Quantitative Tightening: Definition, What It Is, When It Starts, How It Works

Starting in June 2022, the Federal Reserve began a program known as Quantitative Tightening (QT). It is a process through which the Fed shrinks its balance sheet. For most people, the news may not sound like a big deal. However, it is crucial to understand how it impacts the economy. It is also critical to discuss the Fed balance sheet before quantitative tightening.

How does the Federal Reserve Balance Sheet work?

The Federal Reserve balance sheet resembles the statement for other entities. It includes an asset and liabilities section. On the assets side, the balance sheet primarily consists of treasury securities and mortgage-backed securities. Besides that, the Federal Reserve balance sheet also includes other resources. Generally, any purchases made by the Fed become an asset.

The liabilities section primarily includes bank reserve and the US currency in circulation. The former is the most prominent obligation on the Federal Reserve balance sheet. Apart from these, the statement also includes other liabilities, including reverse repurchase agreements. Together, these liabilities and assets constitute the Federal Reserve balance sheet.

What does Federal Reserve Balance Sheet Expansion mean?

The quantitative tightening concept closely relates to balance sheet expansion. Essentially, it represents a monetary policy introduced by the central bank. In this policy, the Fed acquires assets to expand its balance sheet on a large scale. This strategy involves purchasing long-term securities and lowering long-term interest rates.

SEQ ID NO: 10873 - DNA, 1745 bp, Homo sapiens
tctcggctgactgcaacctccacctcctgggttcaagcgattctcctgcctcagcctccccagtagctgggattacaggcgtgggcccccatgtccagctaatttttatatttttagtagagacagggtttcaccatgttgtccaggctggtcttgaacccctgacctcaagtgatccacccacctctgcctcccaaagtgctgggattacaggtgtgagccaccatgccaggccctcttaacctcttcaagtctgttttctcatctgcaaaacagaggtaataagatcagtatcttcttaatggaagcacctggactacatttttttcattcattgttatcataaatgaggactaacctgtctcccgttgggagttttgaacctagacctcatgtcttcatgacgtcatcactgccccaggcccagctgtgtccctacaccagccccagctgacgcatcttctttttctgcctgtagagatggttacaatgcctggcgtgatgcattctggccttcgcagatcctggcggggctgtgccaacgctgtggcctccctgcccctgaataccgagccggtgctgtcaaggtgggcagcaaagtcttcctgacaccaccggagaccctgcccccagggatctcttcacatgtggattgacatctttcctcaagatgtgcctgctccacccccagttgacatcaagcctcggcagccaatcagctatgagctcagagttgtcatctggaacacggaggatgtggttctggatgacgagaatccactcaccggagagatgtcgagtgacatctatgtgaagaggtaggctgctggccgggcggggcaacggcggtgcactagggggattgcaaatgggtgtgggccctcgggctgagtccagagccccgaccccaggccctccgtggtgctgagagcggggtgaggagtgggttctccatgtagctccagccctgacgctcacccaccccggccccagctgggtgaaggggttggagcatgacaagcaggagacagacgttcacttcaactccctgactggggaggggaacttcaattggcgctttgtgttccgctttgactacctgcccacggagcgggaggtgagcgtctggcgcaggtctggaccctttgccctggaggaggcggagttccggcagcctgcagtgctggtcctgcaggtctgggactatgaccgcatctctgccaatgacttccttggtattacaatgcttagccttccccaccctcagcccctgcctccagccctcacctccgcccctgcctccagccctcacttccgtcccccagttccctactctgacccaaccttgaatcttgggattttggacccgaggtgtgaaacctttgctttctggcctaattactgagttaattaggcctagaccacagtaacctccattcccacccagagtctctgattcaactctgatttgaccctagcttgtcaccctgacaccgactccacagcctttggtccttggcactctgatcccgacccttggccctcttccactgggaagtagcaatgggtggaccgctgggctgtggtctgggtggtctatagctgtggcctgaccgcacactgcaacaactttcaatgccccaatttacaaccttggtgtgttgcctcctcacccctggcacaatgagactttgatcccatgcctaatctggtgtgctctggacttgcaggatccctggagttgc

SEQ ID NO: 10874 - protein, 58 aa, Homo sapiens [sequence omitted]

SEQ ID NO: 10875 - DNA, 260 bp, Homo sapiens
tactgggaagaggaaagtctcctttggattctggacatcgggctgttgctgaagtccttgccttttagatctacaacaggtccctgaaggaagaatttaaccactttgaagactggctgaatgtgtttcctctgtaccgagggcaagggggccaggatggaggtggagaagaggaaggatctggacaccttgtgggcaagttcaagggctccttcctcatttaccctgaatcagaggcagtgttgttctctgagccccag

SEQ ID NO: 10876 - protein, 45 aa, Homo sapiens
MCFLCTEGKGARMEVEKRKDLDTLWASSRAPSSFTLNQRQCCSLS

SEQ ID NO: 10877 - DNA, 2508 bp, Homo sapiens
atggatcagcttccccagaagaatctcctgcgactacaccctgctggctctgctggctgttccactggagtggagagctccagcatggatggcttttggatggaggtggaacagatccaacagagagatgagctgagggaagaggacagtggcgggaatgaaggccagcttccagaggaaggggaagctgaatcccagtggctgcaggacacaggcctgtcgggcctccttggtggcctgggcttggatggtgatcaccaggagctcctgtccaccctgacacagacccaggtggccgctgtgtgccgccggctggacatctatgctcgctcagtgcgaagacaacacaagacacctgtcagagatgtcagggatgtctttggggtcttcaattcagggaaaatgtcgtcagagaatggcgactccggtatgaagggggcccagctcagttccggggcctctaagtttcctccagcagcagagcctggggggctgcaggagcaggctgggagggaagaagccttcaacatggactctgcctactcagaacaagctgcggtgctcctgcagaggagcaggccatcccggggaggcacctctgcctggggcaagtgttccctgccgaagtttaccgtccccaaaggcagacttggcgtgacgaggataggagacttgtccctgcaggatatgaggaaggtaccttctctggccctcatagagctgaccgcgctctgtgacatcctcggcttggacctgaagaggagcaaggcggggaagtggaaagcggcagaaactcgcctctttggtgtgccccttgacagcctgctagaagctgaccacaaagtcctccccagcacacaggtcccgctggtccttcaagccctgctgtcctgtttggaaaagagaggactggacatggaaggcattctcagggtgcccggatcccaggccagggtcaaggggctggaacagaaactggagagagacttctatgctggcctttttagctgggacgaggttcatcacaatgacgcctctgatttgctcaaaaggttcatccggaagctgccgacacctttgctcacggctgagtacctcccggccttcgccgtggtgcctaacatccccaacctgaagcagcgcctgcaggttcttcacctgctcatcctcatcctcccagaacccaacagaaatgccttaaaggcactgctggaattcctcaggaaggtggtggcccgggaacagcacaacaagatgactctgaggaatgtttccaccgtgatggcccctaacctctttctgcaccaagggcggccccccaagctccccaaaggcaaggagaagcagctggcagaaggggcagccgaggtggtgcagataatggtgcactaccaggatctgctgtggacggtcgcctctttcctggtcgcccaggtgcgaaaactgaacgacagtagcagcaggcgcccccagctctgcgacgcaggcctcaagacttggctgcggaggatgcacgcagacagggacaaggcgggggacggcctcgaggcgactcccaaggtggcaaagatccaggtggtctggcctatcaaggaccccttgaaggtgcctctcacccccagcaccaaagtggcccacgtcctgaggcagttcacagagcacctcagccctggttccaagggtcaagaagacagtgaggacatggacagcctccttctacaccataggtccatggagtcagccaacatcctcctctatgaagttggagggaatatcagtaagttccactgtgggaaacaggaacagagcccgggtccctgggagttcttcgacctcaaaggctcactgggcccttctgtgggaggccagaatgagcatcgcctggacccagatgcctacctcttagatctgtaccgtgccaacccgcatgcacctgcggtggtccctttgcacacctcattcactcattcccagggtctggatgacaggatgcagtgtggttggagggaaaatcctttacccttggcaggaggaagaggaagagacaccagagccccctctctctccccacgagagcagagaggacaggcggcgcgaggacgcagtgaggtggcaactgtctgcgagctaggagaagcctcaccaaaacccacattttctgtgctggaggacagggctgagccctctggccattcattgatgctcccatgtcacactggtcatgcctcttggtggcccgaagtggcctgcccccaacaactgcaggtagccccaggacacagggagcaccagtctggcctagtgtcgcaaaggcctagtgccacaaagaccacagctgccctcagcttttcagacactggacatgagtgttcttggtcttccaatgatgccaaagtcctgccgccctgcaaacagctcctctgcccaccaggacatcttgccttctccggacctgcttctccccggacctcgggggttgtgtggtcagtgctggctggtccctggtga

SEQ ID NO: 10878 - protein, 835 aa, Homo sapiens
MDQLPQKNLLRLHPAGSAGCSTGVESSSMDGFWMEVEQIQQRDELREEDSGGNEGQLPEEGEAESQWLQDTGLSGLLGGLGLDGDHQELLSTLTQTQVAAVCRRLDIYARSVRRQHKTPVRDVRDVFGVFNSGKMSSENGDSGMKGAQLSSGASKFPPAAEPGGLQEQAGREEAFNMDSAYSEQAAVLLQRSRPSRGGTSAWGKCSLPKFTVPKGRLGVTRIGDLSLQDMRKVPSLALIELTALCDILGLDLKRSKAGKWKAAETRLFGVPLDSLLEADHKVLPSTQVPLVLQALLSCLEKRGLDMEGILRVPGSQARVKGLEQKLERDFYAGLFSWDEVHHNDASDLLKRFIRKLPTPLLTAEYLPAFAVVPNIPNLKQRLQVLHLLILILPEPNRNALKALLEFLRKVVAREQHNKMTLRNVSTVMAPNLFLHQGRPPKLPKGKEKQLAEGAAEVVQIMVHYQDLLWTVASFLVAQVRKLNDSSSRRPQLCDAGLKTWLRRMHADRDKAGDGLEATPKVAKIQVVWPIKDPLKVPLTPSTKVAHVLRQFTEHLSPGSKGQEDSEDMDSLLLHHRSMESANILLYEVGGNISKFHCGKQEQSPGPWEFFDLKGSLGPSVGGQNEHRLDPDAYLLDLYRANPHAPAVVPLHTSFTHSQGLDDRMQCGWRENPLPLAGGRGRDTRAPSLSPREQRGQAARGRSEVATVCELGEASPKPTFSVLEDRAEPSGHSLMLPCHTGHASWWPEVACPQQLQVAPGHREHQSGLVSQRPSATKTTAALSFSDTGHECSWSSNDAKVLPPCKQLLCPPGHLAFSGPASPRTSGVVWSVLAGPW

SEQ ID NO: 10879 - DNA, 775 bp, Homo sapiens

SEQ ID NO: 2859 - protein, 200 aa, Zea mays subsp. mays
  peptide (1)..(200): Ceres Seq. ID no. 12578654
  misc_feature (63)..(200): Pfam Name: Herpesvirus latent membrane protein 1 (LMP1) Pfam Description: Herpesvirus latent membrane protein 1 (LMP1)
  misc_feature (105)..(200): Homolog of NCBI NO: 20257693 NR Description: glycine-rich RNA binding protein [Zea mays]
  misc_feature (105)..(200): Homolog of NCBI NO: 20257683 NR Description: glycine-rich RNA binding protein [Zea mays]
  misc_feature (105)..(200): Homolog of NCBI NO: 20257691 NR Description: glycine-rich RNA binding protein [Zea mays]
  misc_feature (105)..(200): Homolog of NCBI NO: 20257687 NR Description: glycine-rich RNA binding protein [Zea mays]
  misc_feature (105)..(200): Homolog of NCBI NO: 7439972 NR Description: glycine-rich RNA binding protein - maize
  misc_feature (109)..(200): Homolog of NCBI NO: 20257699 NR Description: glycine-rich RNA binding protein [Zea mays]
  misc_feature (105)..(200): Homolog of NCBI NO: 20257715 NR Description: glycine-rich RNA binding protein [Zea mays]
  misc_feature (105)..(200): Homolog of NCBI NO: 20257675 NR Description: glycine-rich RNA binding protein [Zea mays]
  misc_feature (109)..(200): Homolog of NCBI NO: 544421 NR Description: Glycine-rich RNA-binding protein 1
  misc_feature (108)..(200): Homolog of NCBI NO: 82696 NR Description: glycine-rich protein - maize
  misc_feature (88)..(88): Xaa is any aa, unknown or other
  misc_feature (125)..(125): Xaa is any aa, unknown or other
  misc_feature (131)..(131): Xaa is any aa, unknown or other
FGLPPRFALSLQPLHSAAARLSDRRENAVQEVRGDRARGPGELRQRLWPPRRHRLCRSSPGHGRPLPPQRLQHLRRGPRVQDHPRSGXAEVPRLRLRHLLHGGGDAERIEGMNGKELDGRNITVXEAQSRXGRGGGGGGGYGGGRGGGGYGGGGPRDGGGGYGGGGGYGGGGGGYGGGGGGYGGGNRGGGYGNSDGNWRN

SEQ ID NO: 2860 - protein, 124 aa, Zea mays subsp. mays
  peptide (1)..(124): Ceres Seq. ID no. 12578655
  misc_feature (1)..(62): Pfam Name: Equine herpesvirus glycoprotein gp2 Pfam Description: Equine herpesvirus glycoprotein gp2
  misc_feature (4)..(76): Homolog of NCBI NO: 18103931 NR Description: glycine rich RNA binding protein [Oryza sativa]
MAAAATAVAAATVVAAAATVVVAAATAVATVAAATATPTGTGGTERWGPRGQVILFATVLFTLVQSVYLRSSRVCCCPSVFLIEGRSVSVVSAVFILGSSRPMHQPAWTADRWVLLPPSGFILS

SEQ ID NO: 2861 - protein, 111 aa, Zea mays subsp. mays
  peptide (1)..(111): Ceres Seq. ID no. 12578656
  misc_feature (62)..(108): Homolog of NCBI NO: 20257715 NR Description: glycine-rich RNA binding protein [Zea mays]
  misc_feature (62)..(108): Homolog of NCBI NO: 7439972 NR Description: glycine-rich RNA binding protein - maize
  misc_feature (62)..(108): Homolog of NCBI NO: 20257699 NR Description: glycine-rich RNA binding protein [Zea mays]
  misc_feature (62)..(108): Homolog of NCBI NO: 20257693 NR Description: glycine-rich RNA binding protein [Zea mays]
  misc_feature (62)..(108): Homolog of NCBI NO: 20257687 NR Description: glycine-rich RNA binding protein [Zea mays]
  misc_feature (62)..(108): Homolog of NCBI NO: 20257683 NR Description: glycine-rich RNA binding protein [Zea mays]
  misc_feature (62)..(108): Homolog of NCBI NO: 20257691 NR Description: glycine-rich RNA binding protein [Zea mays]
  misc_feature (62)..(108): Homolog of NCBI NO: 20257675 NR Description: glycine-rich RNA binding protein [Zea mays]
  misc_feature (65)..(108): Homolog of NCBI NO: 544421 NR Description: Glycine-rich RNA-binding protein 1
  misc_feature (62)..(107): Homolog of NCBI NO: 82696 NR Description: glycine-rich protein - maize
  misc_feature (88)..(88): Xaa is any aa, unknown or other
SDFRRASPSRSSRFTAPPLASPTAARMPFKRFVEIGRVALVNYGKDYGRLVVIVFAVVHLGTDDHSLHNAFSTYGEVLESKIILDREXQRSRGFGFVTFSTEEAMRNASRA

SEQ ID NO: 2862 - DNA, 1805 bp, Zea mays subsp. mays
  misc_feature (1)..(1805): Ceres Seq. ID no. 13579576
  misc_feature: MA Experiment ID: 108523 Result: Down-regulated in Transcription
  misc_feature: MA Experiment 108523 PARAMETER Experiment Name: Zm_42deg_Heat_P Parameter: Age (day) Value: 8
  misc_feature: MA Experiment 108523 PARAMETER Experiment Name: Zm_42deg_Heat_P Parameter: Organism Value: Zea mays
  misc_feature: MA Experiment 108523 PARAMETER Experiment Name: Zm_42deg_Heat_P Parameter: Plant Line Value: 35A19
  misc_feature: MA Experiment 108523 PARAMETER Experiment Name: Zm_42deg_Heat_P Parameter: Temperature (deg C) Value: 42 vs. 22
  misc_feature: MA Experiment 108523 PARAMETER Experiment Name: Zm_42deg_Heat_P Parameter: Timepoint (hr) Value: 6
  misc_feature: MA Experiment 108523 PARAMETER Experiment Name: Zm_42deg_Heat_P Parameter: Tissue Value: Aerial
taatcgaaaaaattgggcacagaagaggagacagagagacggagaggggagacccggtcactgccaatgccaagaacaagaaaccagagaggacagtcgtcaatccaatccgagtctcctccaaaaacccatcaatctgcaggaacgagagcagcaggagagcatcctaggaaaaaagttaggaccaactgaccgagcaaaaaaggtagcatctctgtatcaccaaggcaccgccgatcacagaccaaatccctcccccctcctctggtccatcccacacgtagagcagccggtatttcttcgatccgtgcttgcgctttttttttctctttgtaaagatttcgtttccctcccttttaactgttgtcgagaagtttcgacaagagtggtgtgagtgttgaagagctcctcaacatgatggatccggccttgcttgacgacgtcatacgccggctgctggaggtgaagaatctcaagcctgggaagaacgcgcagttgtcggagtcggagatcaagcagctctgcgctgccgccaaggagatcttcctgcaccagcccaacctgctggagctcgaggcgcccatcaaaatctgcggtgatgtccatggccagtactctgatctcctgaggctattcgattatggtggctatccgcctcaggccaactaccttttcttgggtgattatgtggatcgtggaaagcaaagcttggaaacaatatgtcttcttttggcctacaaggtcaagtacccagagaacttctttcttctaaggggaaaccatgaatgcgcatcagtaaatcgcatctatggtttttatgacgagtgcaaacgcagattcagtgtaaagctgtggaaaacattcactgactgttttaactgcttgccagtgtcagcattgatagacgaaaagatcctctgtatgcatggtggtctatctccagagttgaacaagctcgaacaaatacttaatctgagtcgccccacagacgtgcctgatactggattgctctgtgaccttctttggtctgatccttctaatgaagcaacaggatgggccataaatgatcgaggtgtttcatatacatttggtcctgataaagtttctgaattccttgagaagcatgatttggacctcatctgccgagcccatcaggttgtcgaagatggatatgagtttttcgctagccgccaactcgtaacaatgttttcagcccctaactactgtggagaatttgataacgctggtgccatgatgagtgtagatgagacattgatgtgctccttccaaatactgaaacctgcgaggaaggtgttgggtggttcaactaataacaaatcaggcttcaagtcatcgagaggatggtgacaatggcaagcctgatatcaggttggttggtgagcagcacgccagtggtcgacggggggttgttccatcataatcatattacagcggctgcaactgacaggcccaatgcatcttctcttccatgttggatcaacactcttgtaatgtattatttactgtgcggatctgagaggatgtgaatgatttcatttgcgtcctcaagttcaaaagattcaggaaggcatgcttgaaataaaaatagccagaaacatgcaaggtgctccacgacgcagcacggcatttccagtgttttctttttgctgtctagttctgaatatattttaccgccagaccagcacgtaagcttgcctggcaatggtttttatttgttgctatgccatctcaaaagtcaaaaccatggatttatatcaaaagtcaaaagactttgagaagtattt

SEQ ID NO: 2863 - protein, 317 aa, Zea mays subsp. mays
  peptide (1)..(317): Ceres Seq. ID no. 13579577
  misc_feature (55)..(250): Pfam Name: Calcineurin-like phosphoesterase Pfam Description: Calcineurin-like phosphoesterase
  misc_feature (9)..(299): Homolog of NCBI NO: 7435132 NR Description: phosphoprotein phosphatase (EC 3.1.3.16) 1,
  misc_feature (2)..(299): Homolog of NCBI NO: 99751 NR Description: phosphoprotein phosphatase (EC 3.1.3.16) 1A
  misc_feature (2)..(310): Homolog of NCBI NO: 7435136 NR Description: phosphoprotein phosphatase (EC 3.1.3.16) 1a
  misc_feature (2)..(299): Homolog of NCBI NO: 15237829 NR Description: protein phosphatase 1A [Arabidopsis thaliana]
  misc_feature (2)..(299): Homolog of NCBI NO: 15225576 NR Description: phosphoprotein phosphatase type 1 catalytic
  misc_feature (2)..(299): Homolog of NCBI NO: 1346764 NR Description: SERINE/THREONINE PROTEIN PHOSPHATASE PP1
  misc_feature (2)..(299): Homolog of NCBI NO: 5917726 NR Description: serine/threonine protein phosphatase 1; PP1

The Federal Reserve used balance sheet expansion as a policy to introduce a looser monetary policy during the COVID-19 pandemic. During this process, the Fed acquired over $4 trillion in assets. This policy allowed the Fed to stimulate the economy and encourage economic activity. In May 2022, however, the Federal Reserve decided to use quantitative tightening to control it.

What is Quantitative Tightening?

Essentially, quantitative tightening is the opposite of balance sheet expansion. In this process, the Federal Reserve disposes of its assets. This process is also known as balance sheet normalization. Quantitative tightening is a monetary policy to reduce the reinvestment process. This process continues until the balance sheet becomes normal again. The plan used to execute this strategy comes from the Federal Reserve itself.

Essentially, quantitative tightening involves reducing the money supply within an economy. This step allows the Federal Reserve to normalize the economy. Although it may sound like it impacts the economy adversely, quantitative easing does not oppose the impact of balance sheet expansion. It can cause positive changes in the economy as well.

How does Quantitative Tightening work?

The Federal Reserve can stimulate the economy through balance sheet expansion. However, quantitative easing can also impact the economy positively. Usually, the central bank uses this strategy as a long-term approach to normalizing its balance sheet and the economy. During this process, the Federal Reserve targets the supply of monetary reserves within the economy.

Usually, quantitative tightening involves letting previously acquired assets reach their maturity. These assets include bonds and other securities. Consequently, these assets get removed from cash balances. Sometimes, it also involves increasing interest rates to reduce the money supply within the economy. This process continues until the Fed decides its balance sheet has normalized.


The central bank may use different monetary policies to stimulate the economy. Usually, it uses balance sheet expansion to acquire assets and help with economic growth. In contrast, the Fed can utilize quantitative tightening to normalize its balance sheet. This process involves unloading assets previously created through balance sheet expansion.

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